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Thursday, April 3, 2014

“The Turn of the Tide.” and other stories

Arthur Gordon shares a wonderful, intimate story of his own spiritual renewal in a little story called “The Turn of the Tide.” It tells of a time in his life when he began to feel that everything was stale and flat. His enthusiasm waned; his writing efforts were fruitless. And the situation was growing worse day by day.

Finally, he determined to get help from a medical doctor. Observing nothing physically wrong, the doctor asked him if he would be able to follow his instructions for one day.

When Gordon replied that he could, the doctor told him to spend the following day in the place where he was happiest as a child. He could take food, but he was not to talk to anyone or to read or write or listen to the radio. He then wrote out four prescriptions and told him to open one at nine, twelve, three, and six o’clock.

“Are you serious?” Gordon asked him.

“You won’t think I’m joking when you get my bill!” was the reply.

So the next morning, Gordon went to the beach. As he opened the first prescription, he read “Listen carefully.” He thought the doctor was insane. How could he listen for three hours? But he had agreed to follow the doctor’s orders, so he listened.He heard the usual sounds of the sea and the birds. After a while, he could hear the other sounds that weren’t so apparent at first. As he listened, he began to think of lessons the sea had taught him as a child—patience, respect, an awareness of the interdependence of things. He began to listen to the sounds—and the silence—and to feel a growing peace.

At noon, he opened the second slip of paper and read “Try reaching back.” “Reaching back to what?” he wondered. Perhaps to childhood, perhaps to memories of happy times. He thought about his past, about the many little moments of joy. He tried to remember them with exactness. And in remembering, he found a growing warmth inside.

At three o’clock, he opened the third piece of paper. Until now, the prescriptions had been easy to take. But this one was different; it said “Examine your motives.”

At first he was defensive. He thought about what he wanted—success, recognition, security, and he justified them all. But then the thought occurred to him that those motives weren’t good enough, and that perhaps therein was the answer to his stagnant situation.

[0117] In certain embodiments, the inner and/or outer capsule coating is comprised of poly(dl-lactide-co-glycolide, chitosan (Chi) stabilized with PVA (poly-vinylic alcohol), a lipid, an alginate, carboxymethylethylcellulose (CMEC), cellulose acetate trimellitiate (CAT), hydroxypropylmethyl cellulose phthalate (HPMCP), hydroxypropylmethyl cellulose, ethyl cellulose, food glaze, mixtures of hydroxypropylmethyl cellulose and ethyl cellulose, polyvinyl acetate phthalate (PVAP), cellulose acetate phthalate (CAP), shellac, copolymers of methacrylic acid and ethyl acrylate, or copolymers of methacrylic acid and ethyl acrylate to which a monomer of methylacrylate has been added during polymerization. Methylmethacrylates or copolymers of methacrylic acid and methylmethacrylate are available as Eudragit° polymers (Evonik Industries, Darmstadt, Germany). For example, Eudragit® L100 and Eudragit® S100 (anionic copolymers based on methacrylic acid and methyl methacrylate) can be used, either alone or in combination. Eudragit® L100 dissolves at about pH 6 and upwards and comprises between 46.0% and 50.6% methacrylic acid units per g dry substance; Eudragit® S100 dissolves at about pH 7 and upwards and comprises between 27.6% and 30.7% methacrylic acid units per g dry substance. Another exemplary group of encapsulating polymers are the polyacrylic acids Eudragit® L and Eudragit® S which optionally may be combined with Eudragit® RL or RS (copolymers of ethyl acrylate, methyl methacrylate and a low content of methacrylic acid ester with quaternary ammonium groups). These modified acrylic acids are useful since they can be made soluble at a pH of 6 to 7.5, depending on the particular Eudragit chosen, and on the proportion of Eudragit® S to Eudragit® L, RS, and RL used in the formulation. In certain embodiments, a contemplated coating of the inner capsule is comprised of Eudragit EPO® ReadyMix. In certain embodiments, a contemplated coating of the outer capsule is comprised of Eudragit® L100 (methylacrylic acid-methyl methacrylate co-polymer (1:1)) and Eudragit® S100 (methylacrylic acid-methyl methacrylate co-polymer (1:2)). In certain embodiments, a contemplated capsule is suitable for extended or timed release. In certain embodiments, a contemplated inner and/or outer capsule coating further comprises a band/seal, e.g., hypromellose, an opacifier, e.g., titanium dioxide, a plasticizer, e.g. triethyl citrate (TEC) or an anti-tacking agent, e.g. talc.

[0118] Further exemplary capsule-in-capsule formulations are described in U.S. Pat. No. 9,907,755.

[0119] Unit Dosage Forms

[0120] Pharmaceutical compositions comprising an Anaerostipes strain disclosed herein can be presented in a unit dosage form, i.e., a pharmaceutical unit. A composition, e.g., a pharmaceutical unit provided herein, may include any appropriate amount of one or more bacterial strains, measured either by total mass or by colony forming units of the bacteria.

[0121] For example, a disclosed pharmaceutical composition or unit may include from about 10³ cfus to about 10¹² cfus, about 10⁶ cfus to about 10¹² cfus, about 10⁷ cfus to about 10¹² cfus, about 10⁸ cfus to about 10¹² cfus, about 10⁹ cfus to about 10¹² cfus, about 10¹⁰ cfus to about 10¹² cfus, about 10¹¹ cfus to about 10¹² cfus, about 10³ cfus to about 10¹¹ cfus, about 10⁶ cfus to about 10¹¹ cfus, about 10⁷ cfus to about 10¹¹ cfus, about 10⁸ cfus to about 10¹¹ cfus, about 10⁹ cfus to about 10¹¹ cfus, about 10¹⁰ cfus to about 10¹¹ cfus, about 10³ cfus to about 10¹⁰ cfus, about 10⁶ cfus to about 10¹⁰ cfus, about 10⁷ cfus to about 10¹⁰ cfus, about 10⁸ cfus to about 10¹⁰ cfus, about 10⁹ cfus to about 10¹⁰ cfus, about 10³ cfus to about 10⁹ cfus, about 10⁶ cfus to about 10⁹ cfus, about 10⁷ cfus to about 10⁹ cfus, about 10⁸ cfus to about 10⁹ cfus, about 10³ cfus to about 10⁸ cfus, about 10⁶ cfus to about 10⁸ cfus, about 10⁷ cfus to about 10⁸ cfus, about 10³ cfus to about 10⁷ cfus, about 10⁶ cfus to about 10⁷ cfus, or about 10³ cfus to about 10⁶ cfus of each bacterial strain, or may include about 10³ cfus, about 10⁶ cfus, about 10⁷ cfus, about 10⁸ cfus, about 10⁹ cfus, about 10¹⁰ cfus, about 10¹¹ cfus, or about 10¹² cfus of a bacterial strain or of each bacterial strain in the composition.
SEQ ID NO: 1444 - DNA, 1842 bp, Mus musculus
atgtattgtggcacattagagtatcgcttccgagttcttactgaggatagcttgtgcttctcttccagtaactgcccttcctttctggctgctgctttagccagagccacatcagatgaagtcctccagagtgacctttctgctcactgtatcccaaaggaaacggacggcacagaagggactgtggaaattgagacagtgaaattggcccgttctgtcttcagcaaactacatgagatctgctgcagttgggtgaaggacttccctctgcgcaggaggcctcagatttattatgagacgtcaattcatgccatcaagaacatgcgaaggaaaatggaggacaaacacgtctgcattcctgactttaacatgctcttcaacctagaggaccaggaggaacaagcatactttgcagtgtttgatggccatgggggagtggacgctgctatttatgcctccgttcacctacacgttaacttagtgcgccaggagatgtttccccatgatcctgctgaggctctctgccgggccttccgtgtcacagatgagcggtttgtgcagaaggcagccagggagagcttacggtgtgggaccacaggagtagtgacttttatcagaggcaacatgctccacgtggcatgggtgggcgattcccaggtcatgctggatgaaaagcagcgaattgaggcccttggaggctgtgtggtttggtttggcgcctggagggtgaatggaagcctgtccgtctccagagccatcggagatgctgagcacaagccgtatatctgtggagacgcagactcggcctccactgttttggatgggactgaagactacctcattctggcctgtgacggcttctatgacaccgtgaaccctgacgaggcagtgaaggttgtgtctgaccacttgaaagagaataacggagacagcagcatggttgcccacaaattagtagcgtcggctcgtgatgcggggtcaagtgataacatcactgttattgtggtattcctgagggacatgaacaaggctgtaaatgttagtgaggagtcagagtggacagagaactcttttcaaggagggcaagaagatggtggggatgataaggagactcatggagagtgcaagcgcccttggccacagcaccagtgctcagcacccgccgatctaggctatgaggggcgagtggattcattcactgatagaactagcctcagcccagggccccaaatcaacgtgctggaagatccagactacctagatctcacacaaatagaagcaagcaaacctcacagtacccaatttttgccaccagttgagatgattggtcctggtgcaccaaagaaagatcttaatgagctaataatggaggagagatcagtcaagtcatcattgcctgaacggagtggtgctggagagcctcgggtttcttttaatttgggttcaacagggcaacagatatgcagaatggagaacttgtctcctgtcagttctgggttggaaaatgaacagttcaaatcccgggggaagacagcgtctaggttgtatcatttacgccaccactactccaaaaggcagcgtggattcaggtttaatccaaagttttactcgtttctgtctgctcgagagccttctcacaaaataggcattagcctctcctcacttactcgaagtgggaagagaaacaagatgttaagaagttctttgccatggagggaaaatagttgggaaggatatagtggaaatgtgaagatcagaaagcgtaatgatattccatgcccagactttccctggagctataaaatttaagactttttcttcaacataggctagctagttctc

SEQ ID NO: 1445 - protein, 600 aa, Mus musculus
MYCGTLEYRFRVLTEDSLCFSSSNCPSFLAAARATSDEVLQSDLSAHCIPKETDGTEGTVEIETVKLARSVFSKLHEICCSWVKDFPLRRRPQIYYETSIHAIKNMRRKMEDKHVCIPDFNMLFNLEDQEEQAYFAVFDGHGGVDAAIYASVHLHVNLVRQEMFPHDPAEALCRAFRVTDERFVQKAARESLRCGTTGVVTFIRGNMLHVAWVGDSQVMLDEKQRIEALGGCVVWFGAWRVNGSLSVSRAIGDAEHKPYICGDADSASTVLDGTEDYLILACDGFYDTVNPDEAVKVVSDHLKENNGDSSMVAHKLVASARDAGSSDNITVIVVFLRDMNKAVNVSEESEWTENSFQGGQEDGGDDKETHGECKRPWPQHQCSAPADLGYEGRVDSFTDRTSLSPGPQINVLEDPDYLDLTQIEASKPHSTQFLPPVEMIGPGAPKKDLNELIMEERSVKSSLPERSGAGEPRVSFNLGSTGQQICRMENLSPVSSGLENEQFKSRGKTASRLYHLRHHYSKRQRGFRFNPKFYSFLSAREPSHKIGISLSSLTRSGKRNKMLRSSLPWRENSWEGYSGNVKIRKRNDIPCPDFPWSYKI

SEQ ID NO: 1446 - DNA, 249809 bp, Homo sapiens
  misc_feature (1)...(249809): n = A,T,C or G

He considered his motives deeply. He thought about past happiness. And at last, the answer came to him.

“In a flash of certainty,” he wrote, “I saw that if one’s motives are wrong, nothing can be right. It makes no difference whether you are a mailman, a hairdresser, an insurance salesman, a housewife—whatever. As long as you feel you are serving others, you do the job well. When you are concerned only with helping yourself, you do it less well—a law as inexorable as gravity.”

When six o’clock came, the final prescription didn’t take long to fill. “Write your worries on the sand,” it said. He knelt and wrote several words with a piece of broken shell; then he turned and walked away. He didn’t look back; he knew the tide would come in.


Young King Arthur was ambushed and imprisoned by the monarch of a neighboring kingdom. The monarch could have killed him but was moved by Arthur's youth and ideals. So, the monarch offered him his freedom, as long as he could answer a very difficult question. Arthur would have a year to figure out the answer and, if after a year, he still had no answer, he would be put to death.

The question was: What do women really want?

Such a question would perplex even the most knowledgeable man, and to young Arthur, it seemed an impossible query. But, since it was better than death, he accepted the monarch's proposition to have an answer by year's end.

He returned to his kingdom and began to poll everyone: the princess, the priests, the wise men, and even the court jester. He spoke with everyone, but no one could give him a satisfactory answer.

Many people advised him to consult the old witch, for only she would have the answer. But the price would be high as the witch was famous throughout the kingdom for the exorbitant prices she charged.

The last day of the year arrived and Arthur had no choice but to talk to the witch. She agreed to answer the question, but he would have to agree to her price first.. The old witch wanted to marry Sir Lancelot, the most noble of the Knights of the Round Table, and Arthur's closest friend!

Young Arthur was horrified. She was hunchbacked and hideous, had only one tooth, smelled like sewage, made obscene noises, etc. He had never encountered such a repugnant creature in all his life.  He refused to force his friend to marry her and endure such a terrible burden, but Lancelot, learning of the proposal, spoke with Arthur. He said nothing was too big a sacrifice compared to Arthur's life and the preservation of the Round Table.